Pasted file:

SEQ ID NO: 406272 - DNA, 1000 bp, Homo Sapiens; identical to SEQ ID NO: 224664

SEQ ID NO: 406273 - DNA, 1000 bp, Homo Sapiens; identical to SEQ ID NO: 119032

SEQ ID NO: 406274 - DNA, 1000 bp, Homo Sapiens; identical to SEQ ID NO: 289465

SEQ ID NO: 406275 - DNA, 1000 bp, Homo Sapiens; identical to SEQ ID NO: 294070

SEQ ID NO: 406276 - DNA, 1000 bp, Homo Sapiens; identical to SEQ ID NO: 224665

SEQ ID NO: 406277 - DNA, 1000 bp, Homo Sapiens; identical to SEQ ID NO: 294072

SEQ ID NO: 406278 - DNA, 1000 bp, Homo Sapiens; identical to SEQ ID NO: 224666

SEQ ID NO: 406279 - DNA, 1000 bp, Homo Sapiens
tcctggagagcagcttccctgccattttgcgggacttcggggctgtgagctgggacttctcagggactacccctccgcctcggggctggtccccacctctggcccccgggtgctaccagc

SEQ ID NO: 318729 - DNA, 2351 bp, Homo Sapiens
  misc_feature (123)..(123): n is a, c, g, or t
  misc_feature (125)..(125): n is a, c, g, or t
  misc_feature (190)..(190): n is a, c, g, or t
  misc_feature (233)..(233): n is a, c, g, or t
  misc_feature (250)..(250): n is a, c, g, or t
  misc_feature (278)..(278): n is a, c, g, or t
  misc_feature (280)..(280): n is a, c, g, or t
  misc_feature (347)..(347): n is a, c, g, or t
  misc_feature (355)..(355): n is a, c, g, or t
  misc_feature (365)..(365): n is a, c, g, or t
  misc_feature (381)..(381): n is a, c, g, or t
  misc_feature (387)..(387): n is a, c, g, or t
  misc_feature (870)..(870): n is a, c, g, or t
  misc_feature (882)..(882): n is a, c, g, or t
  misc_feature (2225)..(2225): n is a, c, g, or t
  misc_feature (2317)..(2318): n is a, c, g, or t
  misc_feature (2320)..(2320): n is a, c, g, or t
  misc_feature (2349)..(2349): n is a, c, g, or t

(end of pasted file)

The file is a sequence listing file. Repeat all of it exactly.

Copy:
SEQ ID NO: 406272 - DNA, 1000 bp, Homo Sapiens; identical to SEQ ID NO: 224664

SEQ ID NO: 406273 - DNA, 1000 bp, Homo Sapiens; identical to SEQ ID NO: 119032

SEQ ID NO: 406274 - DNA, 1000 bp, Homo Sapiens; identical to SEQ ID NO: 289465

SEQ ID NO: 406275 - DNA, 1000 bp, Homo Sapiens; identical to SEQ ID NO: 294070

SEQ ID NO: 406276 - DNA, 1000 bp, Homo Sapiens; identical to SEQ ID NO: 224665

SEQ ID NO: 406277 - DNA, 1000 bp, Homo Sapiens; identical to SEQ ID NO: 294072

SEQ ID NO: 406278 - DNA, 1000 bp, Homo Sapiens; identical to SEQ ID NO: 224666

SEQ ID NO: 406279 - DNA, 1000 bp, Homo Sapiens
tcctggagagcagcttccctgccattttgcgggacttcggggctgtgagctgggacttctcagggactacccctccgcctcggggctggtccccacctctggcccccgggtgctaccagc

SEQ ID NO: 318729 - DNA, 2351 bp, Homo Sapiens
  misc_feature (123)..(123): n is a, c, g, or t
  misc_feature (125)..(125): n is a, c, g, or t
  misc_feature (190)..(190): n is a, c, g, or t
  misc_feature (233)..(233): n is a, c, g, or t
  misc_feature (250)..(250): n is a, c, g, or t
  misc_feature (278)..(278): n is a, c, g, or t
  misc_feature (280)..(280): n is a, c, g, or t
  misc_feature (347)..(347): n is a, c, g, or t
  misc_feature (355)..(355): n is a, c, g, or t
  misc_feature (365)..(365): n is a, c, g, or t
  misc_feature (381)..(381): n is a, c, g, or t
  misc_feature (387)..(387): n is a, c, g, or t
  misc_feature (870)..(870): n is a, c, g, or t
  misc_feature (882)..(882): n is a, c, g, or t
  misc_feature (2225)..(2225): n is a, c, g, or t
  misc_feature (2317)..(2318): n is a, c, g, or t
  misc_feature (2320)..(2320): n is a, c, g, or t
  misc_feature (2349)..(2349): n is a, c, g, or t